Marine Corps Partners with Air Force Agility Prime on eVTOL Aircraft for Logistics

The Pentagon’s interest in electric vertical takeoff and landing (eVTOL) aircraft continues to grow, with the Marine Corps’ Warfighting Lab now partnering with the Air Force’s Agility Prime program to explore unmanned aerial logistics solutions.

For years, the service has worked with industry to develop greater unmanned and autonomous logistics solutions, both on the ground and in the air, to reduce risk to manned vehicles and free up assets for combat missions.

As commercial investment in eVTOL aircraft has grown dramatically, interest inside the Marine Corps has followed, explained Carmine Borrelli, deputy head of the logistics innovation office at the Warfighting Lab.

“We wanted to get involved [with eVTOL] a few years ago from an innovation office perspective, but it was something that was a little too advanced to get people to believe in,” said Borrelli. “We’re now pursuing this from a Marine Corps Warfighting Lab perspective, which is important because it puts this in the S&T range of things where we can pursue it more aggressively.”

At a recent conference hosted by the Vertical Flight Society in San Jose, Calif., Borrelli laid out three categories of unmanned logistics-air (ULS-A) capabilities the Marine Corps are seeking to procure — small, medium, and large, according to payload — along with timelines for entry into service.

Borrelli is targeting for small ULS-A platforms to enter service in a limited capacity in 2023, with medium platforms by 2025 and larger ones by 2030. He expects the Marine Corps to procure “hundreds and thousands” of small- and medium-sized ULS-A platforms, with the aircraft put into use in a tactical environment as well as bases and stations around the world.

“Every base and station that delivers something is interested in trying to figure out how to use these,” Borrelli said. “Once we prove the platforms out, we think the volumes will increase not only for what we’re focused on right now — the tactical distribution, the battle space — but throughout each base and station.”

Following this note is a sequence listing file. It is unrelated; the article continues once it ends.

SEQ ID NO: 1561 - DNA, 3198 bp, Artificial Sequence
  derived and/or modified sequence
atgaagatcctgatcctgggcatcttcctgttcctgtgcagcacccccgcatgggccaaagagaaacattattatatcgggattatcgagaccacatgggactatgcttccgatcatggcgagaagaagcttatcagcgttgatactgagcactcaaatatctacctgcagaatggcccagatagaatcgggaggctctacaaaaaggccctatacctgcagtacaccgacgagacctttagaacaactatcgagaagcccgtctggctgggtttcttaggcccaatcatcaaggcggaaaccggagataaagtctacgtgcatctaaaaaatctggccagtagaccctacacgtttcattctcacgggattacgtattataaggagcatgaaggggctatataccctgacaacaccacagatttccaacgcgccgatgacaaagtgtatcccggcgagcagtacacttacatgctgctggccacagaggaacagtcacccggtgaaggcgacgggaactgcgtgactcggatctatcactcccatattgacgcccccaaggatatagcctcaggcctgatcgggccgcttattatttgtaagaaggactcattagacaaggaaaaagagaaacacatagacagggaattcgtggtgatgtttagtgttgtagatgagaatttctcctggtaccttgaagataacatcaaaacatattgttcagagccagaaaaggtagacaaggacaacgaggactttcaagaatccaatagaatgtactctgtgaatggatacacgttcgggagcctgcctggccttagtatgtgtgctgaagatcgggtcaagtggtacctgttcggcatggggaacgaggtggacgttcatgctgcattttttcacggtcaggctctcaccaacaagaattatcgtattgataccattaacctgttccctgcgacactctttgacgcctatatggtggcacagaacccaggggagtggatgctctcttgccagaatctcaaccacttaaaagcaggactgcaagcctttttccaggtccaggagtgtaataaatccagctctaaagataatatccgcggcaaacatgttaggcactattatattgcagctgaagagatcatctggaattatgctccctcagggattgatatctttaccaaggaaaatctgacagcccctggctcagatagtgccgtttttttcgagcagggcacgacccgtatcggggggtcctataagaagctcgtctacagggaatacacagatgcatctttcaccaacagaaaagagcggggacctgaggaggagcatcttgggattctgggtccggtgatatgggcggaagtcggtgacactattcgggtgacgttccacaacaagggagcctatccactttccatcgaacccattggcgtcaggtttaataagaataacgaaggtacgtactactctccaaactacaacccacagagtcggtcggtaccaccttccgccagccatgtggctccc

Through development and prototyping contracts and fly-off events, the service has seen significant capabilities in the small and medium categories, moving 60-150 lbs and 300-500 lbs respectively, with medium options trending toward hybrid-electric aircraft, Borrelli told reporters — and for both categories, he has seen platforms “at equal weight or less” than the payload being moved.

Though Borrelli said he has yet to see eVTOL aircraft in the 3-6,000 lb payload category, he said the Marine Corps is very interested in the platforms under development for commercial air taxi use — typically with 1-1,500 lb payloads — and has adjusted its requirements to take advantage of progress in that area of capability.

“We are seriously looking at that range because of [commercial developments],” said Borrelli. “We look to ride the coattails of the industry … But we also want to be very conscious and get our requirement out there in the 2-3,000 lbs and beyond, up to 6,000 lbs [range], because we still have things we need to move, and it would be important to see what the market could bring without making these things very expensive aviation platforms.”

Various Marine Corps efforts related to ULS-A, including exploring greater autonomy systems for the Kaman K-MAX helicopter, total more than $100 million, Borrelli said. The service is partnered with the Army’s unmanned aerial logistics procurement efforts on medium-sized platforms and working with the Air Force’s Agility Prime program for larger aircraft.

Agility Prime recently released a solicitation for eVTOL aircraft under development that will be capable of transporting 3-8 people over 100 miles at speeds exceeding 100 mph, which the Air Force hopes to analyze, test-fly and eventually provide non-civil certification for.

In the coming months, the program may release a similar solicitation searching for cargo aircraft on the larger end of ULS-A’s range, Borrelli said.

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